My cell phone buzzed. I checked the number—my company's office.
"Bill, can you work a double tonight?" Linda was the office manager. "It's an emergency."
"Sure, Linda," I said.
"Isn't it terrible what's happened?"
"What has happened?" I asked. "I'm out of the loop."
"Oh, everything," Linda said. "Look, I need to make some more calls. Thanks, Bill."
It was going to be a long night. If I bedded down immediately I'd get five hours of sleep. So I logged off and missed most of the rest of the news. I live in a quiet little apartment complex. My neighbors mind their own business. Most of us work in the service industries at minimum wage and don't socialize with each other. My alarm clock went off too damned early and I ate something, packed several meals, showered and shaved and put on a fresh uniform. I didn't bother checking my messages, just went to my car. The streets were strangely deserted. As I drove to work, a police road block at the intersection stopped me.
"Your ID!" the police officer looked tired.
"It's in my hip pocket, sir," I said glancing at the soldiers manning the checkpoint. Martial law... "May I get it, sir?"
I handed over my driver's license and guard license. The officer glanced at them, then went to his car. A moment later, the soldiers went from bored to attentive and I was the center of their attention.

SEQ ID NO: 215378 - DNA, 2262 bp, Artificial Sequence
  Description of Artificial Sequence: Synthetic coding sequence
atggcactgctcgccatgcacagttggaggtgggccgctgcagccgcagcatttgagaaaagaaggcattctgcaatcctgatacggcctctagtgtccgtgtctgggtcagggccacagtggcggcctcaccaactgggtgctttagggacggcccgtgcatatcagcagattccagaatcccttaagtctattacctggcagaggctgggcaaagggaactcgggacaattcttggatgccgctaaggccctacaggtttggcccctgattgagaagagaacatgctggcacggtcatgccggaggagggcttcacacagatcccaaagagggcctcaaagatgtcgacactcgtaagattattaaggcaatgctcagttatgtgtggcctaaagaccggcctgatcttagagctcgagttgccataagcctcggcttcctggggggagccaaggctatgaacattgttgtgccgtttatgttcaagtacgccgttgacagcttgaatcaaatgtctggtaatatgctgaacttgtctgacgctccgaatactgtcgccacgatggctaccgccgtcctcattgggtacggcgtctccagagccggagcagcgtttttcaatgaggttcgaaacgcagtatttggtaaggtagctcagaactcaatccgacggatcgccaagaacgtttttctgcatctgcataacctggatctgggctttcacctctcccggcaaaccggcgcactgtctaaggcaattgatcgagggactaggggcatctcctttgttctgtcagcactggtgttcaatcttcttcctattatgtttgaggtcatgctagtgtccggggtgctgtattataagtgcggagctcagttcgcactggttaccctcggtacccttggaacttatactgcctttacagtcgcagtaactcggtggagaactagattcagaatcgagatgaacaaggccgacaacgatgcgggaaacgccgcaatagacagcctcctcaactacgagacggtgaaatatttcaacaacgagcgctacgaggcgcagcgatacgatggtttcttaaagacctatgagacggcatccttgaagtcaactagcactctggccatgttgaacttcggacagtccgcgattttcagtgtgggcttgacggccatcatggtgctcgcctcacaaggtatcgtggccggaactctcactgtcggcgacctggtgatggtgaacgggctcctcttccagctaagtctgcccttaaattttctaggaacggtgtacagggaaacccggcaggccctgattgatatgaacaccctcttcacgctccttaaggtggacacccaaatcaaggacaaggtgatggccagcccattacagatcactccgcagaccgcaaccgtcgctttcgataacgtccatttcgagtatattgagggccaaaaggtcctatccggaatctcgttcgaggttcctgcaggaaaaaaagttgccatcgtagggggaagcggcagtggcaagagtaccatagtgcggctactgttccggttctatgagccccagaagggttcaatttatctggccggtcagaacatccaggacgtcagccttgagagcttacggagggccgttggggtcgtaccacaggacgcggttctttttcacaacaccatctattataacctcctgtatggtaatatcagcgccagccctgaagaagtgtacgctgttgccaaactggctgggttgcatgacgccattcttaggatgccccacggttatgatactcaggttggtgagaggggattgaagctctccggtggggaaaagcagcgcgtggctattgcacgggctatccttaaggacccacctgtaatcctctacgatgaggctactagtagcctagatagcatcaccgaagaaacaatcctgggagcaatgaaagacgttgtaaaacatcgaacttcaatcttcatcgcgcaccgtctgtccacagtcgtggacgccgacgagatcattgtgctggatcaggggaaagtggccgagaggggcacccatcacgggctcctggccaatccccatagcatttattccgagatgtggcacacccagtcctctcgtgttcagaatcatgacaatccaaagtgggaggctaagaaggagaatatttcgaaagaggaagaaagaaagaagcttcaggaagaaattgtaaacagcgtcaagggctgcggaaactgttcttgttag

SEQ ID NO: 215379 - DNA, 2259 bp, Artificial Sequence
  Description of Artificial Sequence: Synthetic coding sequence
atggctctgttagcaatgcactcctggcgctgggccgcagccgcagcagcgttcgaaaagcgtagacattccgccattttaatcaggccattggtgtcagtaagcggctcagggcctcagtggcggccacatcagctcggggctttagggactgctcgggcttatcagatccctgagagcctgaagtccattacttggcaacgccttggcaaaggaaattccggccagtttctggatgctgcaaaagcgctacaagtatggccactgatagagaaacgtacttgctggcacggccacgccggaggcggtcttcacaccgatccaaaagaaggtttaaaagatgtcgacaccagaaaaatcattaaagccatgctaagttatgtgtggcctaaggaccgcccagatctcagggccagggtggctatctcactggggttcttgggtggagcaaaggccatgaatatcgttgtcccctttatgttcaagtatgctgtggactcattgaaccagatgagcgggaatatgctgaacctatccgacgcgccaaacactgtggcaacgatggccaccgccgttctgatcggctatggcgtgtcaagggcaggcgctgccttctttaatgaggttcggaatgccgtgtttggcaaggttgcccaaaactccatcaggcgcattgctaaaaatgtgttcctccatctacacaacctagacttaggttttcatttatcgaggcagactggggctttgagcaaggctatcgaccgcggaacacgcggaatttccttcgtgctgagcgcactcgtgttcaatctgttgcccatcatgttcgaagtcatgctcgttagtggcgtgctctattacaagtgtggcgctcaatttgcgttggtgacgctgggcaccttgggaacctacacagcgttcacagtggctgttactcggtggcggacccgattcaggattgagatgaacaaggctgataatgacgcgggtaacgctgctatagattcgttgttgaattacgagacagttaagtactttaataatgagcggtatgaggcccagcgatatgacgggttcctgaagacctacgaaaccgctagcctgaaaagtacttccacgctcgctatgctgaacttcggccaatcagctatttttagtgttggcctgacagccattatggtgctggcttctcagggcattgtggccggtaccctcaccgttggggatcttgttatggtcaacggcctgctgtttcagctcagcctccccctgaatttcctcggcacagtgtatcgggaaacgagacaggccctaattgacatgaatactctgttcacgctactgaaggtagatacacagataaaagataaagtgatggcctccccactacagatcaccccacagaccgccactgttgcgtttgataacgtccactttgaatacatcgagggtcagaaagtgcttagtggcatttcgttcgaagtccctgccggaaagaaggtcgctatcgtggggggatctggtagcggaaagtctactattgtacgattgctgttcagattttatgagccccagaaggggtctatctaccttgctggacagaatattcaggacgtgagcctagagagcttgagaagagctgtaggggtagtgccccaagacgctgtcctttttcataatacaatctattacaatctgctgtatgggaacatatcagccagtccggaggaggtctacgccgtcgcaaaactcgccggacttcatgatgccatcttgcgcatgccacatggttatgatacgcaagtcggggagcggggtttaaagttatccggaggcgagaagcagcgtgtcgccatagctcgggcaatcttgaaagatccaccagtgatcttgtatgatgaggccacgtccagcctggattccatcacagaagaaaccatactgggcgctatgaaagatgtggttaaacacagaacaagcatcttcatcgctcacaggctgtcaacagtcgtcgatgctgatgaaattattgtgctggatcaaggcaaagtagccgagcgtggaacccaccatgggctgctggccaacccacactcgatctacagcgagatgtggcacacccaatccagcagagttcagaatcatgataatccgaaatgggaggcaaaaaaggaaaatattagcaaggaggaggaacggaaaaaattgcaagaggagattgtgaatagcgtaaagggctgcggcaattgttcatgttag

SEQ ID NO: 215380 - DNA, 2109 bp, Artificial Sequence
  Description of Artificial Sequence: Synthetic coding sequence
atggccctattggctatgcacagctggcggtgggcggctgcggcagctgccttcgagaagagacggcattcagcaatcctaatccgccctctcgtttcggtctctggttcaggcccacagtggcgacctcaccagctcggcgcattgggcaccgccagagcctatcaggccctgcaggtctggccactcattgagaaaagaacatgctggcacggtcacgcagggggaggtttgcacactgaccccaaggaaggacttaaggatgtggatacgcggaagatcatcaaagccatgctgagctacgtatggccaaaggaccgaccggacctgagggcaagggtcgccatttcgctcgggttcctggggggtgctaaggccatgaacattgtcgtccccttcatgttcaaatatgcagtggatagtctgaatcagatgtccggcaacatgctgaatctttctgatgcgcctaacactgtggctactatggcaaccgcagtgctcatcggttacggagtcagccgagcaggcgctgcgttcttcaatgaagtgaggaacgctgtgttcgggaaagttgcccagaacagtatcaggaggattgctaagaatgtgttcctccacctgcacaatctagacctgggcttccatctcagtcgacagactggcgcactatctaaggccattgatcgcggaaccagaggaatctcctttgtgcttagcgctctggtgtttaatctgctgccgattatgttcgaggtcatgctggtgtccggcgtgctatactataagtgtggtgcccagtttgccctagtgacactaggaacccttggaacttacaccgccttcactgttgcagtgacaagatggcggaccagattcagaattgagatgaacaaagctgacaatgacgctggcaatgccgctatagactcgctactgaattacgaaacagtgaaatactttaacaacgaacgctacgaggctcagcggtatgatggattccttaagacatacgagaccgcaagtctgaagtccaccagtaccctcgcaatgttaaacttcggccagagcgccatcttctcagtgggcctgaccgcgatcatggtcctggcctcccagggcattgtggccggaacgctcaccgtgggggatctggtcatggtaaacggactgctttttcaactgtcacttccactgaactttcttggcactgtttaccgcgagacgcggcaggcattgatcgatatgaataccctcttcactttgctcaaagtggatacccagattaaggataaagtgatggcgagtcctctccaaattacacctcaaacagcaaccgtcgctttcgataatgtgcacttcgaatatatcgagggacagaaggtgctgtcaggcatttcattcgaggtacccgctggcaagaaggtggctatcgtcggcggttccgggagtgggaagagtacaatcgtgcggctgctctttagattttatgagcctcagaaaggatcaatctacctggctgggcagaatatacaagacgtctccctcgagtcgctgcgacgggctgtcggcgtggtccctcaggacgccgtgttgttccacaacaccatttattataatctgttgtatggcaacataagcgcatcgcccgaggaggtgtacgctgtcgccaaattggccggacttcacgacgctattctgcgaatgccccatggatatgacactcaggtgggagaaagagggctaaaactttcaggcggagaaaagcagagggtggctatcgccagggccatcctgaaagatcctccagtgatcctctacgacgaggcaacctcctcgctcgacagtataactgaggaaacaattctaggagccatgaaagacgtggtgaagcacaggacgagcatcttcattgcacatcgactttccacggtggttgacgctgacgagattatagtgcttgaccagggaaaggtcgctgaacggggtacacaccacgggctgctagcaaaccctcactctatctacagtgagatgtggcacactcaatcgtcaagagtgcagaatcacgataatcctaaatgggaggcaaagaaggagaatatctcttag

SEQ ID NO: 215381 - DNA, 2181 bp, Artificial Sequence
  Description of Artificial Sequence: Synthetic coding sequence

"Get out of the car and on the ground, face down!" The cop spoke over his police cruiser's PA system. I complied. In a moment I was handcuffed and then frisked.
"Where is it?"
"Specify," I said. "Where is what?"
"You have a concealed weapon permit," the cop snarled. "Where's your gun?"
"At home," I replied. "Weapons are against company policy and I need my job."
They checked anyway. I had allowed nearly half an hour for a five minute drive. Now I was going to be late for work.
"Where were you going?"
"Mountain Pacific Power substation," I said. "I'm supposed to relieve a co-worker."
"Just a minute," the cop said. Several minutes later he returned and removed the handcuffs. I was dirty from laying on the wet ground, but didn't press the issue. I had an idea of what martial law was all about. The cop instructed me to drive to work.
Yes, I was late—and Mike Saracen was absent. He was a professional—he did what the job required. There were two wary Air National Guardsmen at the gate, a man and a woman, in their Airman Combat Uniforms and carrying M16 rifles—without magazines. They checked my ID and told me that the other guard had been arrested.
"President Snowbird will address the nation at six," the Air Guardsman's name tag was Sonntag. "She's our first woman president."
"Take a nap and the whole world changes," I grumbled. "When was the last round of checks?"